Personal project: I design and build single-board computers with old processors like Z80, 6502 etc when I'm not being too lazy. A few run CP/M. One that's been more interesting in terms of digging deeper has been an 80C188, for which I've written a BIOS (despite the chip's built-in peripherals and interrupts being at non-standard addresses) mostly in C, which it can use to boot DOS from an image file on an SD card (bit-banged off the UART chip with FatFs). (Yes it's slow, but so is a 5.25" floppy.)

Work: My first project at my current job. Not particularly exciting compared to some stuff on here, but it got me into making useful contributions to the open-source CRM we used at the time. Was building a basic extension to deal with duplicated organisation names. So learned CiviCRM fairly deeply, a bit of Drupal, a bit of PHP. It's a shame we don't use that system any more, the community was cool.

  • 3
    It would be awesome if u‘d make some blogposts about ur hobby project. I always enjoy reading hardware related stuff akthough I only do software 😅
  • 3
    @mojo2012 I should do I suppose but if I'm spending time on those projects I'd rather spend it designing/coding!

    Got another couple of ambitious ones in mind but not started. One would be a J-11 (single-chip PDP-11). Another would be a 68030.
  • 3
    @d4ng3r0u5 I am an Electrical engineer by education (still in college) so I started a single board computer project myself, but I made the rookie mistake of trying to do too much, too soon. I started with an ARM Cortex A8, 2-Gbit 1066 MHz RAM and whatnot. Needless to say, it ended up as a disaster but I still learned much more in a few months than in my time at college. My fav project so far.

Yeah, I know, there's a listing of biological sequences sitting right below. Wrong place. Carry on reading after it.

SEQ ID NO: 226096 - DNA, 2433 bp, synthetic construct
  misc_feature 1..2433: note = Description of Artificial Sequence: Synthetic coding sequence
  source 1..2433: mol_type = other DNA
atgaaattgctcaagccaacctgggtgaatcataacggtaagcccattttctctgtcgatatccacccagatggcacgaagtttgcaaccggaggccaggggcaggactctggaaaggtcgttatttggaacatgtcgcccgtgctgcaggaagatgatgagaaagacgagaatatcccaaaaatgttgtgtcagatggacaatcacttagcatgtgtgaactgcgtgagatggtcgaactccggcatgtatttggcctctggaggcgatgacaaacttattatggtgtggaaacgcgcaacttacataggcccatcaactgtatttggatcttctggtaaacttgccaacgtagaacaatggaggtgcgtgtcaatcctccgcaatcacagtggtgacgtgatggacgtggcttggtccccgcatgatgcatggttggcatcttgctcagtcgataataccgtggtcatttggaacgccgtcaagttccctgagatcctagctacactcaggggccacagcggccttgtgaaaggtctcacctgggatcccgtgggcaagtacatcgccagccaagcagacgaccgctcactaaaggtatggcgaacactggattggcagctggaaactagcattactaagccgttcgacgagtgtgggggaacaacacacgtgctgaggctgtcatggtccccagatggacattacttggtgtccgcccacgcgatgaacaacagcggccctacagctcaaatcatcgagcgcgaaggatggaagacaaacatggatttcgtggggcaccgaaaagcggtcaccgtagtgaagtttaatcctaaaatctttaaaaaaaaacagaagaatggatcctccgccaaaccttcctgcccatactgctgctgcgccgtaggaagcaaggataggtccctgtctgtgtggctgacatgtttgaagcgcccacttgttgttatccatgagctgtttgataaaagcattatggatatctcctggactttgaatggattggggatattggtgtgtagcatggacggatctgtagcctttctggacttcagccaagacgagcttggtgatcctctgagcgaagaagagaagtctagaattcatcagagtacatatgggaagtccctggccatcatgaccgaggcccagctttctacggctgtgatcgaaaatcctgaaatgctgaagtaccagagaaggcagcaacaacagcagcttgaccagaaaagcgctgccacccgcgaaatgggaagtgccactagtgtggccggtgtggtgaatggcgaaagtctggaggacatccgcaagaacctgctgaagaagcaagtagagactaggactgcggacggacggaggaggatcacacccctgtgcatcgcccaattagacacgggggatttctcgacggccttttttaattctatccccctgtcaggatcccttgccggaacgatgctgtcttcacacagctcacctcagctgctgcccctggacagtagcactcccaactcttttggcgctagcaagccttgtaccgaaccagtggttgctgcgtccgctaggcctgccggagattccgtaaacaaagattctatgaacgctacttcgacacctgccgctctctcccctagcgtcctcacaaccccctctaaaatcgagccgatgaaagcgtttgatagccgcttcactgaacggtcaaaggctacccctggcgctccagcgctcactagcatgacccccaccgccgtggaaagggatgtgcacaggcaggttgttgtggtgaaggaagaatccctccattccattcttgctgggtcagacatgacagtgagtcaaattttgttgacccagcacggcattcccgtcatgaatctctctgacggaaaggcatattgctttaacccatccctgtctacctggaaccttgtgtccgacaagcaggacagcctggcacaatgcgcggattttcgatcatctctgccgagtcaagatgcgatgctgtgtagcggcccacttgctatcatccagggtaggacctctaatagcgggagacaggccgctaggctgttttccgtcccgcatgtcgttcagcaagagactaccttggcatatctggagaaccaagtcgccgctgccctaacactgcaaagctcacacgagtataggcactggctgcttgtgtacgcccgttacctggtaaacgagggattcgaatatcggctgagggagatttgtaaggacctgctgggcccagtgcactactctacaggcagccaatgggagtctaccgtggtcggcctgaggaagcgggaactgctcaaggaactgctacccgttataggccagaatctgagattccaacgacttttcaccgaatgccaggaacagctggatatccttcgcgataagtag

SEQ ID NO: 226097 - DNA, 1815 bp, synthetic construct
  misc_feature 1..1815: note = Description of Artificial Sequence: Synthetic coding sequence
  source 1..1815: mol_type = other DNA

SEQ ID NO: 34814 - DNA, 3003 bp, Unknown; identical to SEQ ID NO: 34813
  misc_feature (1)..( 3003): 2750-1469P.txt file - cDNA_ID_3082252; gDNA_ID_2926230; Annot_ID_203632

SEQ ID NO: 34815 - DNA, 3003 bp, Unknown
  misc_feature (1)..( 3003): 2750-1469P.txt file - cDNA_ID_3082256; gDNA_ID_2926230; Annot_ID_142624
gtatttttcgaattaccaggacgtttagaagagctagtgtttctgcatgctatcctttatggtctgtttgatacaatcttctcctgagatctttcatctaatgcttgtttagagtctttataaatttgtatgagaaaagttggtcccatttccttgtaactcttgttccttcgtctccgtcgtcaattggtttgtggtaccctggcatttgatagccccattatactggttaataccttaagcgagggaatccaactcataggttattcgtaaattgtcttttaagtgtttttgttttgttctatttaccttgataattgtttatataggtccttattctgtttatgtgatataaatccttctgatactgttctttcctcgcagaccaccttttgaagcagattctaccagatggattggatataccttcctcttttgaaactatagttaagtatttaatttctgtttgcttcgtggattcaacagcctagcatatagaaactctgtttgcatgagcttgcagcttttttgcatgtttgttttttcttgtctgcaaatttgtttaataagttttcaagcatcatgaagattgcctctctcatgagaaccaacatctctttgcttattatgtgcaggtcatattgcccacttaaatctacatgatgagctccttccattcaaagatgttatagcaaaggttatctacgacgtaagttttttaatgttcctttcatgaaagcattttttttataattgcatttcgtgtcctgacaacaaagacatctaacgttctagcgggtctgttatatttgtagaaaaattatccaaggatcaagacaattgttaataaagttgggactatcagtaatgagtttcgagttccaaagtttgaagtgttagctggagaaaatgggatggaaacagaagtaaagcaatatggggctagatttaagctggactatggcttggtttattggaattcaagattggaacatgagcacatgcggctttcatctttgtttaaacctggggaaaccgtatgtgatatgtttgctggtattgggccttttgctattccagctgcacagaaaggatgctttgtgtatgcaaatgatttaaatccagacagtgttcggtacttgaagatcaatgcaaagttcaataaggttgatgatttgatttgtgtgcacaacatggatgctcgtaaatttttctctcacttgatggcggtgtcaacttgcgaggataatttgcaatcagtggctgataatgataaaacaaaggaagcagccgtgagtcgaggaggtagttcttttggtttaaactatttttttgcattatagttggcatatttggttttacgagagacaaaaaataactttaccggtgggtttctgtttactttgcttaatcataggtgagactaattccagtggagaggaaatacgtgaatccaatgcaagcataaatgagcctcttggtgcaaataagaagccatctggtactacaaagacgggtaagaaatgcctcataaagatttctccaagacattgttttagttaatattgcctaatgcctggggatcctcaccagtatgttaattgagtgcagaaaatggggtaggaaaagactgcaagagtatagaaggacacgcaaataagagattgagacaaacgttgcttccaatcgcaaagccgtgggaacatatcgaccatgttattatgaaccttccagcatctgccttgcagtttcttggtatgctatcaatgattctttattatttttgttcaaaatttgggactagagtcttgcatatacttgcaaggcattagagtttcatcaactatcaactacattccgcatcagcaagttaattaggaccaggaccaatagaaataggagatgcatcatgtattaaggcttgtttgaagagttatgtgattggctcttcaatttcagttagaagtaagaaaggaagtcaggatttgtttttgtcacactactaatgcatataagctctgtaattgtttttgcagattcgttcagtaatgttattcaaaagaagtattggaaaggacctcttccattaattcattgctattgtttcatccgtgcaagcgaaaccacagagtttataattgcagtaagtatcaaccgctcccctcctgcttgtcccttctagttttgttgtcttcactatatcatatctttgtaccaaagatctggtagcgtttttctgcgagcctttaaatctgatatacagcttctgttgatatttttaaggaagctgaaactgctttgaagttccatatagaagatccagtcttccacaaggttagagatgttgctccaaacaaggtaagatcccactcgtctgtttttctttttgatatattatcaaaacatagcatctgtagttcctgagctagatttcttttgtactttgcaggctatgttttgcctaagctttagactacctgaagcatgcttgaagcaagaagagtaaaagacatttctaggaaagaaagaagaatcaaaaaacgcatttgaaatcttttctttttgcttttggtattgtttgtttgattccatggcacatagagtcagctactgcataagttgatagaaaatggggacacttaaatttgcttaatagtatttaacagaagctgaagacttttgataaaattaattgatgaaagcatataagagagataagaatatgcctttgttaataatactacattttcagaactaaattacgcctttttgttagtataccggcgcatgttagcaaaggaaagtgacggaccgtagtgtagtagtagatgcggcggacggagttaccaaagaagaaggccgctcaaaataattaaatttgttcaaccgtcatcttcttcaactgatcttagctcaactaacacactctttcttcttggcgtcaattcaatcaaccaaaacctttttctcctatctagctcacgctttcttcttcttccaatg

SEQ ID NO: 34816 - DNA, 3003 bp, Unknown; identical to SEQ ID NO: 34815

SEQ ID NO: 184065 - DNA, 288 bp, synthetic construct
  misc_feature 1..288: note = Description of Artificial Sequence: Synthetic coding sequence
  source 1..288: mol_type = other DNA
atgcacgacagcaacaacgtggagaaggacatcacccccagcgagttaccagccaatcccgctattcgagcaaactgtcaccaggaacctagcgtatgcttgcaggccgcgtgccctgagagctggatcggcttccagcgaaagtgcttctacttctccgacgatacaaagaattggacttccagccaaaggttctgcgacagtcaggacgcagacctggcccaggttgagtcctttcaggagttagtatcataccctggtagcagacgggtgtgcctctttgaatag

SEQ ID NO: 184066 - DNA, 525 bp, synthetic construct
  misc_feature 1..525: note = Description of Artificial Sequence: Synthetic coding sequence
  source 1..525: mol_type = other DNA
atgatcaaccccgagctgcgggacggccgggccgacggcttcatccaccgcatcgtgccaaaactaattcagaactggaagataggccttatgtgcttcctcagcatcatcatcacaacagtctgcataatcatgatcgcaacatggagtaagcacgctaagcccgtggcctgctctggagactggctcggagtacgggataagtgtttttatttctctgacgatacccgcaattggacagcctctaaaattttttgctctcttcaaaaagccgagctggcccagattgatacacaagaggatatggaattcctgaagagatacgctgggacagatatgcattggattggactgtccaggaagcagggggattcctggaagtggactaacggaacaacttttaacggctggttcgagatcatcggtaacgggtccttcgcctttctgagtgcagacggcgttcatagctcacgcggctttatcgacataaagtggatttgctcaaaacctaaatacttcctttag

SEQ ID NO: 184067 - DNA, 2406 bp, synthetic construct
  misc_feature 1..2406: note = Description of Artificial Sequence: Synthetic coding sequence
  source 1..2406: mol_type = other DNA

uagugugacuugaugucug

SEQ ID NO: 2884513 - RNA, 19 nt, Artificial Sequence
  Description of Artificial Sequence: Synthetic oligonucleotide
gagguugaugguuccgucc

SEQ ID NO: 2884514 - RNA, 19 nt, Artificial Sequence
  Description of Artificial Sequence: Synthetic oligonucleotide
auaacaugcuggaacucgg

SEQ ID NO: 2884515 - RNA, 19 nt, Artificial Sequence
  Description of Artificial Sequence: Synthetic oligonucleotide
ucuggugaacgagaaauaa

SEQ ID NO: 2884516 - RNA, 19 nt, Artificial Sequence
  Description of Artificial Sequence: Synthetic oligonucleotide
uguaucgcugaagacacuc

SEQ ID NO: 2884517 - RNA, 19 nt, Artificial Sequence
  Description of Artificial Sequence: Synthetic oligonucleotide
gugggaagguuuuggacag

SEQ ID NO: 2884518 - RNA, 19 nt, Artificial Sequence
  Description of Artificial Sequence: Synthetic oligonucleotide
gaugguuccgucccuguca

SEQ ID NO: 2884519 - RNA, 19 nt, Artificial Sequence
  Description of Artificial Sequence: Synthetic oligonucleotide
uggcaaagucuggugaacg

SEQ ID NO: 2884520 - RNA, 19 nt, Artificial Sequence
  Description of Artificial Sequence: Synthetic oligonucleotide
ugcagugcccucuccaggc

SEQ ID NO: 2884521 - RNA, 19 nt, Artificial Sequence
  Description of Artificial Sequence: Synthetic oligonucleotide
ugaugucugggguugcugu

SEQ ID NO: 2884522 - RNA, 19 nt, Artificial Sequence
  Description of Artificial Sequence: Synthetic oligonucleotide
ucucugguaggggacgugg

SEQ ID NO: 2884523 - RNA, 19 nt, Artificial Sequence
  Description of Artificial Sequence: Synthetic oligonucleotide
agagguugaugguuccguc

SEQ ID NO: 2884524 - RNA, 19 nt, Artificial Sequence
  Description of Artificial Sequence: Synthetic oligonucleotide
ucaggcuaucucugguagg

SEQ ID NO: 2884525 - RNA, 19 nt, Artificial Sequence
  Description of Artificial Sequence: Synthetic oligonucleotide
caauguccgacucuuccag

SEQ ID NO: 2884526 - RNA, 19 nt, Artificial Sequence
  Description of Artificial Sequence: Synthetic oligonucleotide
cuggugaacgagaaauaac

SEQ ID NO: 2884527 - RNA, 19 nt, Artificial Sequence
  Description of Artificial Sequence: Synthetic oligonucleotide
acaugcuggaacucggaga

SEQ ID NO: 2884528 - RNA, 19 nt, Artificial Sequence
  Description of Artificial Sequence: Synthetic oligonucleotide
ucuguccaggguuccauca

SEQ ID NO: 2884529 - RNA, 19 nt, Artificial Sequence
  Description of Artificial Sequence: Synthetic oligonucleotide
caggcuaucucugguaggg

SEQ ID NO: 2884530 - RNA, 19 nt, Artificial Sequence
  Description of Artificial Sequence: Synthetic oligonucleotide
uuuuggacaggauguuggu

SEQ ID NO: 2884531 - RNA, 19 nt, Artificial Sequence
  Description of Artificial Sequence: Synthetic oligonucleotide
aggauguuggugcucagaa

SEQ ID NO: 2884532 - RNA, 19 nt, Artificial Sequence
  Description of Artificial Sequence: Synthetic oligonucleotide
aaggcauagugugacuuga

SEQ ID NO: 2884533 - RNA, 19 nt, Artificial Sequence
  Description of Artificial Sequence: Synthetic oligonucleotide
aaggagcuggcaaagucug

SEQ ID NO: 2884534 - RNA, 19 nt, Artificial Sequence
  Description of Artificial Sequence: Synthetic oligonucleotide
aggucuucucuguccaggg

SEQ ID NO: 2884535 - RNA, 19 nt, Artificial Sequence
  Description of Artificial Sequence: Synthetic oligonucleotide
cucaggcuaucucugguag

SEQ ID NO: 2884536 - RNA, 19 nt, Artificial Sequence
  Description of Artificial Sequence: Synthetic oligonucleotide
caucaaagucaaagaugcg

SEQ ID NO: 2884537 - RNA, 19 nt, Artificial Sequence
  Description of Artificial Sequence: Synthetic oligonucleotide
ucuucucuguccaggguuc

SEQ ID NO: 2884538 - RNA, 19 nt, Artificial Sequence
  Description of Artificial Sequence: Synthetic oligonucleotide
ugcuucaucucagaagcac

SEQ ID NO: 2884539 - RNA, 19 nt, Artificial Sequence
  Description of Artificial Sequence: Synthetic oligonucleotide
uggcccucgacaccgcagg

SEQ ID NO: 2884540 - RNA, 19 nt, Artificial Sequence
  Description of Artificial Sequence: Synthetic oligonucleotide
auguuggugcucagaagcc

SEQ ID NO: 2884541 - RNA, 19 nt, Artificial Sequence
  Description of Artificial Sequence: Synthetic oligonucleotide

• 2
    @rithvikp Oh I haven't done anything with BGA chips like those would probably be. All veroboard. What went wrong with your project?
  • 2
    @d4ng3r0u5 Multiple mistakes: I had to stick to using only 4 layers in the PCB design because 6 layer boards were ridiculously expensive. So, I ended up having some of the high speed RAM traces in middle of the power planes and I couldn't match the impedances of some of the traces. I went with 0603 capacitors and resistors which were a pain to solder. I placed a wrong footprint with one of the most critical components, the voltage converters (I placed MSOP-8 3mmx3mm instead of uSIP-8 2.4mmx3mm).

    I am actually thinking about doing a new board with less complicated components and hopefully, what I learned from these mistakes will help.
  • 1
    @rithvikp Yeah, that's much more hardcore in terms of PCB design than anything I've done. The speeds I'm running at I don't really need to give two shits about differences in properties of traces (apart from putting the crystal as close as possible to whichever chip contains the inverter for the oscillator).
  • 2
    @rithvikp Z80 is a good one to start with btw if you don't mind it being 5V/8-bit vintage/not having on-chip peripherals like a modern microcontroller. Or maybe Z180, that's an extended Z80 with serial ports, timers and a rudimentary MMU built in.

    If you then add some non-volatile storage, and your memory configuration is suitable, you open up the possibility of running CP/M, for which there's a lot of old software around.
Add Comment